Transit users might be surprised to learn that TransLink's bus company isn't a public-sector employer

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      Most people think of Metro Vancouver's transit system as a public service.

      After all, TransLink's SkyTrain lines are the beneficiary of billions of dollars of public investments by senior levels of government.

      Politicians on the public payroll routinely make announcements whenever there are major public expenditures about a new SeaBus.

      The TransLink Mayors' Council appoints a majority of directors to the TransLink board.

      TransLink collects property taxes and gas taxes to fund its operations.

      Coast Mountain Bus Company, which operates the regional bus and SeaBus service, is a wholly owned subsidiary of TransLink.

      It sure sounds like a public-sector operation.

      But for the purposes of contract talks, TransLink has conceded that Coast Mountain Bus Company does not fall under the 2019 sustainable services negotiating mandate.

      According to the B.C. government website, this mandate "applies to all public sector employers with unionized employees whose collective agreements expire on or after December 31, 2018". (Italics added.)

      Coast Mountain Bus Company's contract with Unifor Local 111 and Unifor Local 2200 expired on March 31.

      Ergo, Coast Mountain Bus Company is not a public-sector employer.

      Unifor chief negotiator Gavin McGarrigle isn't constrained by the public-sector bargaining mandate in his dealings with Coast Mountain Bus Company.

      Bus drivers will not wear uniforms

      A full-time transit operator with at least two years' experience makes nearly $63,589.50 per year at a 37.5-hour week, not counting overtime.

      Unless a deal is reached, these operators won't be wearing their uniforms today and Coast Mountain Bus Company maintenance staff won't be working overtime.

      These are the first steps in what's likely to be escalating job action.

      If Coast Mountain Bus Company were to fall under the sustainable services negotiating mandate—like provincial public employers—the union would be expected to negotiate a three-year contract with general wage increases of two percent each year.

      That would inject some predictability into the bargaining process.

      Then the two sides could work out contentious details like the lengths of breaks.

      They could figure out how to alleviate stress on operators due to the sharply increasing numbers of transit riders. That probably wouldn't require a systemwide shutdown.

      But because the public-sector bargaining mandate doesn't apply, the union is free to try to negotiate wage increases substantially higher than two percent per year and a term longer than three years.

      The bus company's president and CEO, Mike McDaniel, said yesterday that management has offered a package that would be greater than most public-sector agreements in B.C.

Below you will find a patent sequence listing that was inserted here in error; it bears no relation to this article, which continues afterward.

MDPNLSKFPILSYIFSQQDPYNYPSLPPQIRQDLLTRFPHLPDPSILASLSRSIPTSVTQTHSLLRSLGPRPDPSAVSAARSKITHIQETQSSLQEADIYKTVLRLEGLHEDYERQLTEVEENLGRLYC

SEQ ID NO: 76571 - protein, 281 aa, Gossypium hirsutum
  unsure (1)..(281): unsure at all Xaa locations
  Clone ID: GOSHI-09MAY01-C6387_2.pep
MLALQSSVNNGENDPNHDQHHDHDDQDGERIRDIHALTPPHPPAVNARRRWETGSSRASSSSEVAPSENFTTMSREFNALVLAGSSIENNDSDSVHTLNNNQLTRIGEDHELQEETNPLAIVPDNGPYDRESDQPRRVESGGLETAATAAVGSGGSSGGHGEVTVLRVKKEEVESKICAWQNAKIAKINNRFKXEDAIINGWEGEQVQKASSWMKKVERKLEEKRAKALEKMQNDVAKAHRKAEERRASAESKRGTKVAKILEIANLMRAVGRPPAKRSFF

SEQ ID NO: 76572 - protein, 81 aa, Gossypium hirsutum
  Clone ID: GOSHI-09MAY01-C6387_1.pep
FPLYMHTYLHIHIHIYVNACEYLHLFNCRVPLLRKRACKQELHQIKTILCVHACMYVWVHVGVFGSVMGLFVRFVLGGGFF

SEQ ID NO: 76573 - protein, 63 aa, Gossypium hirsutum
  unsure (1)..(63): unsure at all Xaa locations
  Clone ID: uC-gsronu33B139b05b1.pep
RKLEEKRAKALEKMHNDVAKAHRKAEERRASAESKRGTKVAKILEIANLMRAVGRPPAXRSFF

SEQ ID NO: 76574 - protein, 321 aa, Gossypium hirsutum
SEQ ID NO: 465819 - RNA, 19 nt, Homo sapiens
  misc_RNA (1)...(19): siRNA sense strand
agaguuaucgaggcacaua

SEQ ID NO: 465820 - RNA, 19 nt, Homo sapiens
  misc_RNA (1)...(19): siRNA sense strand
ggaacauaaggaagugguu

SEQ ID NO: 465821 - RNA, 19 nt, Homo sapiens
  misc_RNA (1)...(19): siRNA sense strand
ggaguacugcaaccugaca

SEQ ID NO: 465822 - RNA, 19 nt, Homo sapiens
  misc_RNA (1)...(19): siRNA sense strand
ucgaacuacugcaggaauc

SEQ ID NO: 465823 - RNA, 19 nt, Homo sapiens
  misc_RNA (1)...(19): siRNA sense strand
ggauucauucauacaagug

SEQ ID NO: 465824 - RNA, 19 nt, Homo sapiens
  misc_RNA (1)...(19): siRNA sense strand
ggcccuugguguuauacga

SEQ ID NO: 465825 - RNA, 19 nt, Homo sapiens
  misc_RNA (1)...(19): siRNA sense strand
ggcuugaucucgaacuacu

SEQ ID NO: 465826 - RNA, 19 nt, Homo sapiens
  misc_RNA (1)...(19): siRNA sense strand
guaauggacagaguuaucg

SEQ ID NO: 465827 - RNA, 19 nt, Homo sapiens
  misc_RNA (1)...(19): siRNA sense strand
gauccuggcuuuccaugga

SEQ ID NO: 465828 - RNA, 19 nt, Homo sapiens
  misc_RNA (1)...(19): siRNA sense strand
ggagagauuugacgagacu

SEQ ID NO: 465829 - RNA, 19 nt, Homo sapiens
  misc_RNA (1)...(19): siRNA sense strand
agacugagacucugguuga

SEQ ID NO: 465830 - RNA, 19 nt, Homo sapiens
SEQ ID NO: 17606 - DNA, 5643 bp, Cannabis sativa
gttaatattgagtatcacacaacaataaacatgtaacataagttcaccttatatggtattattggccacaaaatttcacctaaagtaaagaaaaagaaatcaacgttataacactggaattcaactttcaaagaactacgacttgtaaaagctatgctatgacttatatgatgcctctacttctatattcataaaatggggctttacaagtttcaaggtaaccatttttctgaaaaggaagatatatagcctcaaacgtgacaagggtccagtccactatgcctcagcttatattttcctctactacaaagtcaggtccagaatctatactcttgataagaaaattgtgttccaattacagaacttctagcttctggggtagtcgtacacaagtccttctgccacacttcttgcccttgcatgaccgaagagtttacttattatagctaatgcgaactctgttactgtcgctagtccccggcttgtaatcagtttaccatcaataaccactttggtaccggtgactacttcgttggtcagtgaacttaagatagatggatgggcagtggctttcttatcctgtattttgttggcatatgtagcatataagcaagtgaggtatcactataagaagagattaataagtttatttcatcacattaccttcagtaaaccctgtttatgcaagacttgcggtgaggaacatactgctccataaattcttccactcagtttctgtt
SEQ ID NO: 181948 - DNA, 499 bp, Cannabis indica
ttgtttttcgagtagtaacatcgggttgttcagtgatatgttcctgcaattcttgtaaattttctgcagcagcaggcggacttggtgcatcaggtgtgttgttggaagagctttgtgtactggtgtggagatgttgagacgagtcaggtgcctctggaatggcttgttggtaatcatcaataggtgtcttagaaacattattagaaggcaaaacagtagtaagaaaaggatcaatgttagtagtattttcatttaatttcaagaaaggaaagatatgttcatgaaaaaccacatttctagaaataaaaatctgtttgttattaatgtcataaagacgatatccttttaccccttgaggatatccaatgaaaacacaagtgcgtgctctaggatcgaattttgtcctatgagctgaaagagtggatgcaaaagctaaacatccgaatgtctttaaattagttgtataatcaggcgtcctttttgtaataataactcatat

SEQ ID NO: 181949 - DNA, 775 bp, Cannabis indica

The union is ready to strike for many months if its demands aren't met, according to chief negotiator Gavin McGarrigle.

      What does this mean for transit riders?

      Quite possibly, a strike might last longer than it would have had the public-sector bargaining mandate applied, simplifying negotiations.

      If a strike drags on for months, it will result in more inconvenience and more costs for low-income people without vehicles, and more problems for employers across the region if some of their workers quit.

      It's going to have a devastating impact on students, who might end up dropping out of postsecondary classes.

      Who's responsible for that?

      The provincial government could have explicitly included TransLink and its wholly owned subsidiaries in its definition of public-sector employers that fall under the mandate. It chose not to do that.

      Moreover, the TransLink Mayors' Council could have passed a motion saying that to protect the transportation authority's finances, all of its wholly owned subsidiaries are public-sector employers under the provincial bargaining mandate.

      That didn't occur, either.

      Back in the late 1990s when TransLink was created, the board didn't need to create separate wholly owned subsidiary companies with their own CEOs. But it did this and now transit users may face the consequences of that decision.

      For its part, Coast Mountain Bus Company isn't insisting that it's a public-sector employer.

      This will also have a consequence on its negotiations with another union, MoveUP, which hasn't yet issued strike notice.

      Unifor repeatedly refers to itself as Canada's largest private-sector union.

      Presumably, it's including its 5,000 Coast Mountain Bus Company members in its calculations.

      To put it bluntly, the publicly funded Metro Vancouver bus company is not part of the province's public sector, no matter how many tax dollars are thrown at it every year.

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